This week Dabo Swinney captains our undefeated Clemson Tigers into the eye of the storm with a road date against Al Golden's 4-2 Miami Hurricanes. The Tigers have traditionally weathered the storm better in Miami than they have at home, compiling a 3-3 record all-time in South Florida but losing both matchups in Death Valley (36-30 in triple overtime in 2005; 30-21 on homecoming weekend in 2010). Clemson's overall record against Miami stands at 3-6 (the Tigers lost 4-0 in the 1952 Gator Bowl in Jacksonville).
Clemson's South Beach success began in January 1951 with their first-ever Orange Bowl appearance, when "The Legend" Frank Howard brought his "Country Gentlemen" down to Florida to take on Andy Gustafson's Hurricanes. The 1950 season was a near-perfect one for Howard's gridiron Tigers at 9-0-1 (3-0-1 SoCon), and they entered the bowl matchup with the #15 Hurricanes ranked tenth in the nation. Led by Clemson legends Fred Cone (31), Ray Mathews (70), Jackie Calvert (21), and Billy Hair (77), the Tigers jumped out to a 7-0 lead after a 76-yard first quarter touchdown drive, and took that lead into the halftime break having limited the Hurricane offense to just one first down.
The Tigers extended their lead to 13-0 with the opening drive of the second half, culminating in a 21-yard touchdown pass from Billy Hair to Glenn Smith. But Miami owned the remainder of the quarter, scoring two touchdowns, the first on a 45-yard run by Frank Smith, the second on a 79-yard pass following an interception. With just six minutes to go in the game, the ‘Canes' Harry Mallios took a punt 79 yards for what appeared to be the game-clinching score, but penalties took the play back and put Miami in a hole deep in the shadow of their own goal. Hurricane running back Frank Smith was tackled for a safety by Clemson's Sterling Smith to secure the most unlikely of Tiger victories 15-14.
Frank Howard would later quip that the 1950 team produced "several millionaires" but "Fred Cone wutn't one of ‘em." And Howard would later reference the '51 Orange Bowl win as the time when his Tigers "embarrassed" Miami's Hurricane's on a last-second safety.
It would be fifty-three years before Clemson would again taste victory against Miami in the Sunshine State. In addition to the Gator Bowl loss in 1952, Howard's Tigers also lost road bouts with the Hurricanes in 1953 (39-7) and 1956 (21-0). Tommy Bowden's 2004 Tigers finally broke the losing streak to the ‘Canes, prevailing 24-17 in overtime on the strength of running back Reggie Merriweather's 114 rushing yards and three touchdowns, 258 yards passing from quarterback Charlie Whitehurst, and 128 yards receiving by wideout Airese Currie.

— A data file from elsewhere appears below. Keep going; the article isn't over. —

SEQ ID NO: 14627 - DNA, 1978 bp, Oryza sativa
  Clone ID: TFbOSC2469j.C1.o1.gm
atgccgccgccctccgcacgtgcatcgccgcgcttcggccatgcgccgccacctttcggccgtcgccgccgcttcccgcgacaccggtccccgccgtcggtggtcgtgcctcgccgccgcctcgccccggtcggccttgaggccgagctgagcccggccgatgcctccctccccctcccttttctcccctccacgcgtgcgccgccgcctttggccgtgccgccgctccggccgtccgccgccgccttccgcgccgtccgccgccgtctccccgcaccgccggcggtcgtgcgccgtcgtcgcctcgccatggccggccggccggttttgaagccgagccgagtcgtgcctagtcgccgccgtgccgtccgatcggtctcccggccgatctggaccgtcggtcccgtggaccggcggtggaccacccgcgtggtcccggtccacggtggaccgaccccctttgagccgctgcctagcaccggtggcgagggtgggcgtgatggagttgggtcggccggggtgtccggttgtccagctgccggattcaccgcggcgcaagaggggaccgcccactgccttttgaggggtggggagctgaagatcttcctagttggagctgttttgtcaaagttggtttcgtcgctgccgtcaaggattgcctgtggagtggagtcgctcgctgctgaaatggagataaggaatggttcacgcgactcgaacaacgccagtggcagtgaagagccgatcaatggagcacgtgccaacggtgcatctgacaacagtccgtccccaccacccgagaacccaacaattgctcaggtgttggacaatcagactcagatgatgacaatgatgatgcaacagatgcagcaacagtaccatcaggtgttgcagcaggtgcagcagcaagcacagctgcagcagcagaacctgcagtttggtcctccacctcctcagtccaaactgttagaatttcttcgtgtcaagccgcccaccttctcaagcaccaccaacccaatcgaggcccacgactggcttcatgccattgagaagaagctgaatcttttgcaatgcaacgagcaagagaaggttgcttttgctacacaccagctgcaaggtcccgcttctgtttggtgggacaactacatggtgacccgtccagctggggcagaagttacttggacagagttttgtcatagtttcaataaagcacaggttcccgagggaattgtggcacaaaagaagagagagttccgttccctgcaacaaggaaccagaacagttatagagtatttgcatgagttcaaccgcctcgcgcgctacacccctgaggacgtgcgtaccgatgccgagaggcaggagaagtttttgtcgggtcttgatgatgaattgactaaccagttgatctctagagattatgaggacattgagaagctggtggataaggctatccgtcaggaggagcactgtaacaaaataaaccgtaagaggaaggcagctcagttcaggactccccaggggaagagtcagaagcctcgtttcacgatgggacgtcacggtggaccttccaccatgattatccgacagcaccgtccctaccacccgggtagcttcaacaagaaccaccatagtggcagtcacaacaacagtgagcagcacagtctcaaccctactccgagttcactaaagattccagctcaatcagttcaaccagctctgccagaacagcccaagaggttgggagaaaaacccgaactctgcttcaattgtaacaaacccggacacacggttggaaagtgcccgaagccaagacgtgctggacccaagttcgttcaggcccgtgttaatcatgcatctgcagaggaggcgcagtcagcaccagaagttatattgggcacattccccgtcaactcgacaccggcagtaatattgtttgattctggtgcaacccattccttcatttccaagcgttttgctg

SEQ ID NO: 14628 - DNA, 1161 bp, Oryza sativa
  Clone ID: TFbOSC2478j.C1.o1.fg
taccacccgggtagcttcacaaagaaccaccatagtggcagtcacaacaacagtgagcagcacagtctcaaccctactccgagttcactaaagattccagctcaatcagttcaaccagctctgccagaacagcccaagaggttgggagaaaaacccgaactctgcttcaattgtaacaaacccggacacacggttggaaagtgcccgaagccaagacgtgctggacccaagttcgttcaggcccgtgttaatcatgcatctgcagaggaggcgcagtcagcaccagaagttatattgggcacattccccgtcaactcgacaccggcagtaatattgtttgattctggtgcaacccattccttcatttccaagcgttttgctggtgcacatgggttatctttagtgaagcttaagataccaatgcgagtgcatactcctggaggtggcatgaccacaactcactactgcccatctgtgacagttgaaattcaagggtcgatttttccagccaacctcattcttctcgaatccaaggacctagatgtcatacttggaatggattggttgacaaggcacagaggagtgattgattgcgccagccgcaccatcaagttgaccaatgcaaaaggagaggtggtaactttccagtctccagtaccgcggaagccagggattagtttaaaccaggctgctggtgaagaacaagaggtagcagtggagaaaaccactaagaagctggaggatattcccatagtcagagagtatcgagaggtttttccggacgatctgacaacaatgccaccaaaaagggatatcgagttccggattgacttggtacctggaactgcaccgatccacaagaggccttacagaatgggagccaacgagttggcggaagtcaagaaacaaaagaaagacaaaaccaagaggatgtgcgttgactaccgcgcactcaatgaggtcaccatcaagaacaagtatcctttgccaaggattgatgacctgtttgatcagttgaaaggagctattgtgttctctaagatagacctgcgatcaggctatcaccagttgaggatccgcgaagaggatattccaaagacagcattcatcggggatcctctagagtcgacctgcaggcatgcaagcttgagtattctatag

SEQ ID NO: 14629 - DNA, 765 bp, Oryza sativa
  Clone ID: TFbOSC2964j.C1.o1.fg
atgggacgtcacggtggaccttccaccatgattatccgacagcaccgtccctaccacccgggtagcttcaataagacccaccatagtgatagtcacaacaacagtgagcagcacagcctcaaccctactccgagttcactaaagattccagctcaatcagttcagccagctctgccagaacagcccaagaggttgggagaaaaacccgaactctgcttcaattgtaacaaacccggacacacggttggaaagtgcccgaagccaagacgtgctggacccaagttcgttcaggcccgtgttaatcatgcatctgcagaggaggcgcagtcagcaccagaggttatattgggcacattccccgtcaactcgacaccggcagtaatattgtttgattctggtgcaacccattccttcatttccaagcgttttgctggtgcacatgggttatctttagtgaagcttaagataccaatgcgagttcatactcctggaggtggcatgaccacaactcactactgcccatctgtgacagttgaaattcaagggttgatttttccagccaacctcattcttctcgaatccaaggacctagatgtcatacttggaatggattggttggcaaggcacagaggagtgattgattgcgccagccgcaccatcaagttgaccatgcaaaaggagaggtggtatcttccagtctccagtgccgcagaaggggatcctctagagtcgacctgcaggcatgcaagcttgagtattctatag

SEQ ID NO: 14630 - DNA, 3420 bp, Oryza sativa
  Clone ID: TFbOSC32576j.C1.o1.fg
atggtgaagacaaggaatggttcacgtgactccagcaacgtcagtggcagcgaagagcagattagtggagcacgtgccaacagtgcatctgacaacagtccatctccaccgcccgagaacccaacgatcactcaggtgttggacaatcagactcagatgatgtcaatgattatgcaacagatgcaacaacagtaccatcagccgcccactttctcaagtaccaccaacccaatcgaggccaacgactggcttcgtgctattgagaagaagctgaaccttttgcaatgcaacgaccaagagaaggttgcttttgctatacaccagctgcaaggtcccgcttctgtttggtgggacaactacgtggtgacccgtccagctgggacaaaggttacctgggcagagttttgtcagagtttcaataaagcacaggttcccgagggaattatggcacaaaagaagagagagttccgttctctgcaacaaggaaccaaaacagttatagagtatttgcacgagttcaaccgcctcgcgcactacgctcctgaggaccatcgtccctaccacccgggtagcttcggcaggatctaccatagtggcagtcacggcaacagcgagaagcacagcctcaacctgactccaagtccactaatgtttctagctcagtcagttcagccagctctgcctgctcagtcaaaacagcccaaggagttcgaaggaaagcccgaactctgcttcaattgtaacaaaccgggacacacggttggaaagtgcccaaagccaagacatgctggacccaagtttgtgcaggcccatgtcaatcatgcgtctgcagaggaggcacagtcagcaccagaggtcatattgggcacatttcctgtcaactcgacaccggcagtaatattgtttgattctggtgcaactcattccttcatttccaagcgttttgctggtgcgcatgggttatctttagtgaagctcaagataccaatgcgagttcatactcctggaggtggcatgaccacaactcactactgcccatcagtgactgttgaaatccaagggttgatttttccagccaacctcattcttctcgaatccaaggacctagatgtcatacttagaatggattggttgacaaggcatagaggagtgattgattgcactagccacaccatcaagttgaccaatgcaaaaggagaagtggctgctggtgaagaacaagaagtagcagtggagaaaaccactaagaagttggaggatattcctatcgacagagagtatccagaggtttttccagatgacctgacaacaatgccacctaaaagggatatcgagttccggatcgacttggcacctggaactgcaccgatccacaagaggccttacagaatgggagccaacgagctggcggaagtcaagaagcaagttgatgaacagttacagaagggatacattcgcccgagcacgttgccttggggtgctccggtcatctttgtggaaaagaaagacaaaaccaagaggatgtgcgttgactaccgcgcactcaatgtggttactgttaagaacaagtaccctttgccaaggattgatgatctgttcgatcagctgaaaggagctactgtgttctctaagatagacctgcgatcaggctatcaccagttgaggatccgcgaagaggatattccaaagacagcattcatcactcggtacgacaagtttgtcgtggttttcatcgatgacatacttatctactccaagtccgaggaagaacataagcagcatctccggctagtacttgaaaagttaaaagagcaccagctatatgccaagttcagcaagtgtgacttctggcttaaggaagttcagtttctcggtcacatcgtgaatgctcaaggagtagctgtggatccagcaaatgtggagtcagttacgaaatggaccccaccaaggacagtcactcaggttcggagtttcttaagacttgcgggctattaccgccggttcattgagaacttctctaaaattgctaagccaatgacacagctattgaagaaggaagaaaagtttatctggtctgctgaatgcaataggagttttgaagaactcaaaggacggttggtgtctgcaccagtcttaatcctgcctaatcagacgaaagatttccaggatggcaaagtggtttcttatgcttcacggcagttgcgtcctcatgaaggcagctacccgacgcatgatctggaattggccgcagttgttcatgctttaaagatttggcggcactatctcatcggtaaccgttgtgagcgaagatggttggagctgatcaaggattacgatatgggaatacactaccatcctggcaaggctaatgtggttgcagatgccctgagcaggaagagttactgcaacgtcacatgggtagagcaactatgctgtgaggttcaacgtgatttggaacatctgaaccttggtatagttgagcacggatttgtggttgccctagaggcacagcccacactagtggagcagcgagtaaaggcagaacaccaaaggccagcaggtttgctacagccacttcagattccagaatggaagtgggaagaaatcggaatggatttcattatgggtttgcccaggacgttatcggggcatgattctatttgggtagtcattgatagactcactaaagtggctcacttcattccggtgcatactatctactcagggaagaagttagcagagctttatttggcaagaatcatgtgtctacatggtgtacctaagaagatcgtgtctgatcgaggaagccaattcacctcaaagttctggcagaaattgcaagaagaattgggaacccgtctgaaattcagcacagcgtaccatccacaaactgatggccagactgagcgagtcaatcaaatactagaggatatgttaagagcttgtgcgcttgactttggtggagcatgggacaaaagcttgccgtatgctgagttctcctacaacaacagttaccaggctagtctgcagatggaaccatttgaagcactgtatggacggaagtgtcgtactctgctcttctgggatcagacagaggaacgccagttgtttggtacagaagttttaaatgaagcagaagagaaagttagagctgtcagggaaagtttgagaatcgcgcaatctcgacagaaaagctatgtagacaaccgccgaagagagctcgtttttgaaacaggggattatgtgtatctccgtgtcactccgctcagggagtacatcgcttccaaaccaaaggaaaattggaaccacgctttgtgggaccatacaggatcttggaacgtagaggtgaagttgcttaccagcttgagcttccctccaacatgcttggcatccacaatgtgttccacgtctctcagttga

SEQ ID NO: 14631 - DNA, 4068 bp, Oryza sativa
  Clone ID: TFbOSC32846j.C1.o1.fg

The Tigers would finish what was a disappointing season at 6-5 (4-4 ACC) and unranked. In a poignant moment for the entire season and symbolic of much of Bowden's tenure, the 2004 Tigers followed up this momentous road victory over the eleventh-ranked ‘Canes by dropping a road contest with hapless Duke the following week (Duke finished the season 2-9, 1-7 in the ACC). Larry Coker's Hurricanes finished 9-3 (5-3 ACC) and eleventh in the country after a Peach Bowl victory over the Florida Gators.
Dabo Swinney's 2009 Tigers squad accounted for the third and final road victory over the Miami Hurricanes in a thrilling 40-37 overtime triumph. The Tigers entered the game against the eleventh-ranked 5-1 ‘Canes unranked at 3-3. Led by running back CJ Spiller's then-school-record 310 all-purpose yards (81 rushing, 104 receiving with one touchdown, 125 yards and a touchdown on three kickoff returns), quarterback Kyle Parker's 326 yards and three touchdowns passing, and wideout Jacoby Ford's game-winning touchdown reception in overtime, the Tigers would ride the momentum of this victory to a six-game winning streak, claiming the ACC Atlantic Division and playing in the program's first ACC Championship game. Despite CJ Spiller's heroic effort in the title game, the Jackets would steal the conference title (later forfeited). Clemson would finish the year ranked 24th at 9-4 after a 21-13 Music City Bowl victory over Kentucky, while Miami would also finish 9-4 and ranked 19th in the final polls.
Having already claimed victory over Notre Dame in what Coach Swinney continues to dub a "hurricane," and followed it up with another win over the Yellow Jackets in a monsoon, this year's Tigers are salty veterans of rain-soaked gridiron matches. With Captain Swinney at the helm, he and his crew are well positioned to secure another victory in front of dozens of the Hurricanes' fair-weather fans.